MI5's use of personal data was 'unlawful', says watchdog
The security service MI5 has handled large amounts of personal data in an "undoubtedly unlawful" way, a watchdog has said.
The Investigatory Powers Commissioner said information gathered under warrants was kept too long and not stored safely.
Civil rights group Liberty said the breaches involved the "mass collection of data of innocent citizens".
The high court heard MI5 knew about the issues in 2016 but kept them secret.
"MI5 have been holding on to people's data - ordinary people's data, your data, my data - illegally for many years," said Megan Goulding, a lawyer for Liberty, which brought the case.
"Not only that, they've been trying to keep their really serious errors secret - secret from the security services watchdog, who's supposed to know about them, secret from the Home Office, secret from the prime minister and secret from the public."
The criticism of MI5 emerged in the High Court on Tuesday as Liberty challenged parts of the Investigatory Powers Act.
Under the act, MI5 can apply to judges for warrants to obtain information such as people's location data, calls, messages and web browsing history.
As well as "bulk data" collection, which can include information about ordinary members of the public, MI5 can use targeted interceptions of communications and computer hacking for investigations such as counter-terrorism.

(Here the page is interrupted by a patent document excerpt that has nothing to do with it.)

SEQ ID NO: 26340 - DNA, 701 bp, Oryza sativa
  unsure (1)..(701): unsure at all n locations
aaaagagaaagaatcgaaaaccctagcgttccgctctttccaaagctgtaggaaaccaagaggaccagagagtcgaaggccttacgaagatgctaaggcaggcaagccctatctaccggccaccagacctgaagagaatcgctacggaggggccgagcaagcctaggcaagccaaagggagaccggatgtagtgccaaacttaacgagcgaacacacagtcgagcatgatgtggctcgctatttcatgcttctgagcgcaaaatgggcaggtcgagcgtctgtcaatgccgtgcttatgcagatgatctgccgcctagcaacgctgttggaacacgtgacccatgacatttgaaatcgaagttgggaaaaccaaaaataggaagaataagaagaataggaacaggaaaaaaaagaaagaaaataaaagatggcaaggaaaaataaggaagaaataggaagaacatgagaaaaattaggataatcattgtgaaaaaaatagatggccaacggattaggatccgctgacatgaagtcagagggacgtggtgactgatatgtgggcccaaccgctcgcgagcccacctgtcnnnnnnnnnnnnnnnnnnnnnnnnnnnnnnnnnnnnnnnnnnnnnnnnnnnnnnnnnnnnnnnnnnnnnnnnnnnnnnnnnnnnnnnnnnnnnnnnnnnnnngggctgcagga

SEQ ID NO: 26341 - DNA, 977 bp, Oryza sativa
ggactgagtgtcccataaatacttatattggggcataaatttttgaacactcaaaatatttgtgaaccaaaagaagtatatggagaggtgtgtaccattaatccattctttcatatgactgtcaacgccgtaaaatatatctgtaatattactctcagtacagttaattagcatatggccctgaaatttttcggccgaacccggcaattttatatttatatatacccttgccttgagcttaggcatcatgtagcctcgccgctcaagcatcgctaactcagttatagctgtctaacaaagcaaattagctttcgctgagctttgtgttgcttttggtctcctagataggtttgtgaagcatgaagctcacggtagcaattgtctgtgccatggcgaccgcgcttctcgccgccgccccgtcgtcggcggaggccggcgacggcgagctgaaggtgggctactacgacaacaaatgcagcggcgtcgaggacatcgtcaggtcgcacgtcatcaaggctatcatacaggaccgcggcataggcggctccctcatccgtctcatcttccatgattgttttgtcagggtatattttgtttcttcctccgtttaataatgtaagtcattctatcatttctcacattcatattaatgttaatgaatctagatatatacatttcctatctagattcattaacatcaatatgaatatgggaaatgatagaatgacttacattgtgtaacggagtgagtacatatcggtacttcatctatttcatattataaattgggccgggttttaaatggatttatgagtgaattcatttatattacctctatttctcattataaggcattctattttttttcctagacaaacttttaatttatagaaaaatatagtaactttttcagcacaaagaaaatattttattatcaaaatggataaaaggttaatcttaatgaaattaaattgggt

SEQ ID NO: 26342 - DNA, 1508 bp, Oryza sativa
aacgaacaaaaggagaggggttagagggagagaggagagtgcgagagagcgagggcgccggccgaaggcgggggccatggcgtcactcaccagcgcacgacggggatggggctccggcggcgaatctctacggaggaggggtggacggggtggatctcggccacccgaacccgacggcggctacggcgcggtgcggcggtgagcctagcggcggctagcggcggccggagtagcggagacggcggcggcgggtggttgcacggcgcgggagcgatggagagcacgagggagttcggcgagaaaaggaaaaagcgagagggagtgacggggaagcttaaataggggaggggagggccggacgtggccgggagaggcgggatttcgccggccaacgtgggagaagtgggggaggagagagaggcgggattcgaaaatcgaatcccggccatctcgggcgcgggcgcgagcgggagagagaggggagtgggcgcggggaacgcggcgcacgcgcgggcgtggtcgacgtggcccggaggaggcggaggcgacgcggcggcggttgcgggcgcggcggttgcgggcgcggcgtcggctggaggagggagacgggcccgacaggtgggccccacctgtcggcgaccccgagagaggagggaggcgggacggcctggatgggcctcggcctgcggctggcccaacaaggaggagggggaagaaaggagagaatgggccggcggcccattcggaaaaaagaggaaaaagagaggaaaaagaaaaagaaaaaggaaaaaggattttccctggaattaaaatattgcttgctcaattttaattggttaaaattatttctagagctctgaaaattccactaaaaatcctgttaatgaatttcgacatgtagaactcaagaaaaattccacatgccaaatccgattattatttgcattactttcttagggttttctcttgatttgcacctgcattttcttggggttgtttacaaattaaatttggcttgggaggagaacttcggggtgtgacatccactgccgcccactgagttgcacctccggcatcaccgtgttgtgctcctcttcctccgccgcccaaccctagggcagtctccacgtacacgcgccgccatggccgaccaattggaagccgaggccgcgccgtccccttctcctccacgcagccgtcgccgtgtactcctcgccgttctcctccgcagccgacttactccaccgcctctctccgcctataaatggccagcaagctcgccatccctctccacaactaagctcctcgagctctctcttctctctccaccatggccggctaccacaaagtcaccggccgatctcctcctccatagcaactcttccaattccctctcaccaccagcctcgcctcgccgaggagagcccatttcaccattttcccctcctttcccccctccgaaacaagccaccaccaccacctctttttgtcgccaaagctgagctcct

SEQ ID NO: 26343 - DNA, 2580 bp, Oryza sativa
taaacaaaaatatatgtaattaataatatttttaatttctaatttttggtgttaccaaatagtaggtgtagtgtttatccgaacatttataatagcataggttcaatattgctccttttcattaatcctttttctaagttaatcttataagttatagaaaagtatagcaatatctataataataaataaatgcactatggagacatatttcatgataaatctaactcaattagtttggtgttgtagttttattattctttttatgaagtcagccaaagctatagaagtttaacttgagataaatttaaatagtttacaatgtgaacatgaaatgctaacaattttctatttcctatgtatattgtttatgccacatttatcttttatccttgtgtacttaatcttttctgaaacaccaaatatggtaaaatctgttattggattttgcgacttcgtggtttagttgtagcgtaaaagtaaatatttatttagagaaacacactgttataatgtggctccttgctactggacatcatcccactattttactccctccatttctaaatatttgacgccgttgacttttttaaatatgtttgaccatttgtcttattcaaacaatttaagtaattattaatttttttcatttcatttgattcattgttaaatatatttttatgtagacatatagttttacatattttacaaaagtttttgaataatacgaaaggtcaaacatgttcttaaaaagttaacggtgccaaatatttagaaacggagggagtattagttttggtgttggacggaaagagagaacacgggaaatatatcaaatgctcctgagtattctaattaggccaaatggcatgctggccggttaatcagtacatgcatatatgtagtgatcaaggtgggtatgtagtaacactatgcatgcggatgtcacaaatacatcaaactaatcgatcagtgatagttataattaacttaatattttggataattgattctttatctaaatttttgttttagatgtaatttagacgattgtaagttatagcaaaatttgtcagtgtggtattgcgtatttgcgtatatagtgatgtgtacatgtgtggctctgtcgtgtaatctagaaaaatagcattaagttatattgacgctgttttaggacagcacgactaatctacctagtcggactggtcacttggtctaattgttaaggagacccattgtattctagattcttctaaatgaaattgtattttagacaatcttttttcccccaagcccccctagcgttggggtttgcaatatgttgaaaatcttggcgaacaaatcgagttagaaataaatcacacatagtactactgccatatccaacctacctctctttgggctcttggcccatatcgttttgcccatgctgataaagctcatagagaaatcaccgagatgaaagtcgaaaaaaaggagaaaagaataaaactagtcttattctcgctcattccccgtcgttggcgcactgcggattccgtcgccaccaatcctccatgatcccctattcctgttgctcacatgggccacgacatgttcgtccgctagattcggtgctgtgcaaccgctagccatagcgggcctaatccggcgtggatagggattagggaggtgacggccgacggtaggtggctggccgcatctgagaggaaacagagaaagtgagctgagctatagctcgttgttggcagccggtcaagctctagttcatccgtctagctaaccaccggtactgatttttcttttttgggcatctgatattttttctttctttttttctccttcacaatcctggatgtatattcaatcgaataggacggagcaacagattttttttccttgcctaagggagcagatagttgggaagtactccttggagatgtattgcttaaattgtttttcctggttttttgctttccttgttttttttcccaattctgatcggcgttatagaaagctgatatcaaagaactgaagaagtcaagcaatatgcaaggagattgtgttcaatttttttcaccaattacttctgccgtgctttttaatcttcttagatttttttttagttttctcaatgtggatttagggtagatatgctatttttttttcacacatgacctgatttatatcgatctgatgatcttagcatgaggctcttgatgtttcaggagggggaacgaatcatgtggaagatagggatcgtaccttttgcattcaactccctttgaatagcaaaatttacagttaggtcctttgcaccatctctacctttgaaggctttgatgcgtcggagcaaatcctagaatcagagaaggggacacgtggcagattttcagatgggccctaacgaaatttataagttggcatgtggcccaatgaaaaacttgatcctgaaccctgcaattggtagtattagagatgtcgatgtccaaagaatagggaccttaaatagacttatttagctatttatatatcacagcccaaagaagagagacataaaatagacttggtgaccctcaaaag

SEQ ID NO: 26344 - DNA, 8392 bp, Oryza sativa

But the act includes safeguards about how all this information is stored and handled. It is against the law to keep data when it is no longer needed, or to store it in an unsafe way.
MI5 had a "historical lack of compliance" with the law, said Lord Justice Sir Adrian Fulford, who oversees the security service's use of data as Investigatory Powers Commissioner.
In a ruling revealed during the court case, he said the security service would be placed under greater scrutiny by judges when seeking warrants in future - which the commissioner compared to a failing school being placed in "special measures".
Liberty said the revelations meant that some of the warrants issued to MI5 may not have been lawful, because the security service knew over several years that it was not handling data correctly but did not tell the judges.
The court heard that senior members of MI5 were aware three years ago that there were serious issues with the management of data.
MI5 informed the Home Office and Number 10 of the concerns in April this year, but the commissioner said they should have revealed them earlier.
Discussions between lawyers and clients were among the information wrongly held by the security service, Liberty said.
The pressure group said such material should be protected by legal privileges, but instead it was being seen by people at MI5.
Lawyers for MI5 said they could not explain the exact nature of the breaches in open court, not because they were "embarrassing" but because there were "serious national security concerns".
The security service has now taken "immediate and substantial steps" to comply with the law, Home Secretary Sajid Javid has said.
Julian Milford, representing Mr Javid and Foreign Secretary Jeremy Hunt, acknowledged in court "the existence of serious compliance risks".
But he said these specific issues were a "complete irrelevance" to Liberty's court case, which was challenging the legality of the whole system of information gathering created by the Investigatory Powers Act.